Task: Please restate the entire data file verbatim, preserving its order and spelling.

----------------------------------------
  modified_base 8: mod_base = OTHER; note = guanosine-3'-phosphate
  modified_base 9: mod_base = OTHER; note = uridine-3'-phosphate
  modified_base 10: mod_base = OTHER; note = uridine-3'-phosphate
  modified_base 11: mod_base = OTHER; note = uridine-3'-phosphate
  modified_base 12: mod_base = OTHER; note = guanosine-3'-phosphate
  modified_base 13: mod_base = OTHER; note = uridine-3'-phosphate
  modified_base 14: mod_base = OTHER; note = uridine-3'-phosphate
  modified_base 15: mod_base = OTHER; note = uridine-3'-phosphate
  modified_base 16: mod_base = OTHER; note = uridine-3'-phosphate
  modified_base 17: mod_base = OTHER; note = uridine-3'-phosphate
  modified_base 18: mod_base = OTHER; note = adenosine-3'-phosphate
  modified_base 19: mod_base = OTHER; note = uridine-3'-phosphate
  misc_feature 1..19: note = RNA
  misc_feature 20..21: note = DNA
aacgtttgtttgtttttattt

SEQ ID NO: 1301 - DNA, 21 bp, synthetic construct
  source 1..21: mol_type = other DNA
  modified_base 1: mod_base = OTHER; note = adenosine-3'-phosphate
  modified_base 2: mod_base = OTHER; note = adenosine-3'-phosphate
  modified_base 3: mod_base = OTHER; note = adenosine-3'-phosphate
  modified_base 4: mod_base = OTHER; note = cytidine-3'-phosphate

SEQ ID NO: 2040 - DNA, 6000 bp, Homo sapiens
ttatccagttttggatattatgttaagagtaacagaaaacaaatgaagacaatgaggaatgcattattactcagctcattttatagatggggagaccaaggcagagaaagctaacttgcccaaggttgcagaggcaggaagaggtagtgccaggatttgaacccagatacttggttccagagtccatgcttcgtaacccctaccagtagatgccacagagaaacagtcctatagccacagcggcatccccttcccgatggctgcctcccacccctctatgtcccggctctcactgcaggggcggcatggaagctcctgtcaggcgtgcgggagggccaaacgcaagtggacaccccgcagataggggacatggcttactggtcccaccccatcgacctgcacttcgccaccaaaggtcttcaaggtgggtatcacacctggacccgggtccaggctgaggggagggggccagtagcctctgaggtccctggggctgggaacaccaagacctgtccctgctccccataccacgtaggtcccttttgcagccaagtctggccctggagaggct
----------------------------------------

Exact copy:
  modified_base 8: mod_base = OTHER; note = guanosine-3'-phosphate
  modified_base 9: mod_base = OTHER; note = uridine-3'-phosphate
  modified_base 10: mod_base = OTHER; note = uridine-3'-phosphate
  modified_base 11: mod_base = OTHER; note = uridine-3'-phosphate
  modified_base 12: mod_base = OTHER; note = guanosine-3'-phosphate
  modified_base 13: mod_base = OTHER; note = uridine-3'-phosphate
  modified_base 14: mod_base = OTHER; note = uridine-3'-phosphate
  modified_base 15: mod_base = OTHER; note = uridine-3'-phosphate
  modified_base 16: mod_base = OTHER; note = uridine-3'-phosphate
  modified_base 17: mod_base = OTHER; note = uridine-3'-phosphate
  modified_base 18: mod_base = OTHER; note = adenosine-3'-phosphate
  modified_base 19: mod_base = OTHER; note = uridine-3'-phosphate
  misc_feature 1..19: note = RNA
  misc_feature 20..21: note = DNA
aacgtttgtttgtttttattt

SEQ ID NO: 1301 - DNA, 21 bp, synthetic construct
  source 1..21: mol_type = other DNA
  modified_base 1: mod_base = OTHER; note = adenosine-3'-phosphate
  modified_base 2: mod_base = OTHER; note = adenosine-3'-phosphate
  modified_base 3: mod_base = OTHER; note = adenosine-3'-phosphate
  modified_base 4: mod_base = OTHER; note = cytidine-3'-phosphate

SEQ ID NO: 2040 - DNA, 6000 bp, Homo sapiens
ttatccagttttggatattatgttaagagtaacagaaaacaaatgaagacaatgaggaatgcattattactcagctcattttatagatggggagaccaaggcagagaaagctaacttgcccaaggttgcagaggcaggaagaggtagtgccaggatttgaacccagatacttggttccagagtccatgcttcgtaacccctaccagtagatgccacagagaaacagtcctatagccacagcggcatccccttcccgatggctgcctcccacccctctatgtcccggctctcactgcaggggcggcatggaagctcctgtcaggcgtgcgggagggccaaacgcaagtggacaccccgcagataggggacatggcttactggtcccaccccatcgacctgcacttcgccaccaaaggtcttcaaggtgggtatcacacctggacccgggtccaggctgaggggagggggccagtagcctctgaggtccctggggctgggaacaccaagacctgtccctgctccccataccacgtaggtcccttttgcagccaagtctggccctggagaggct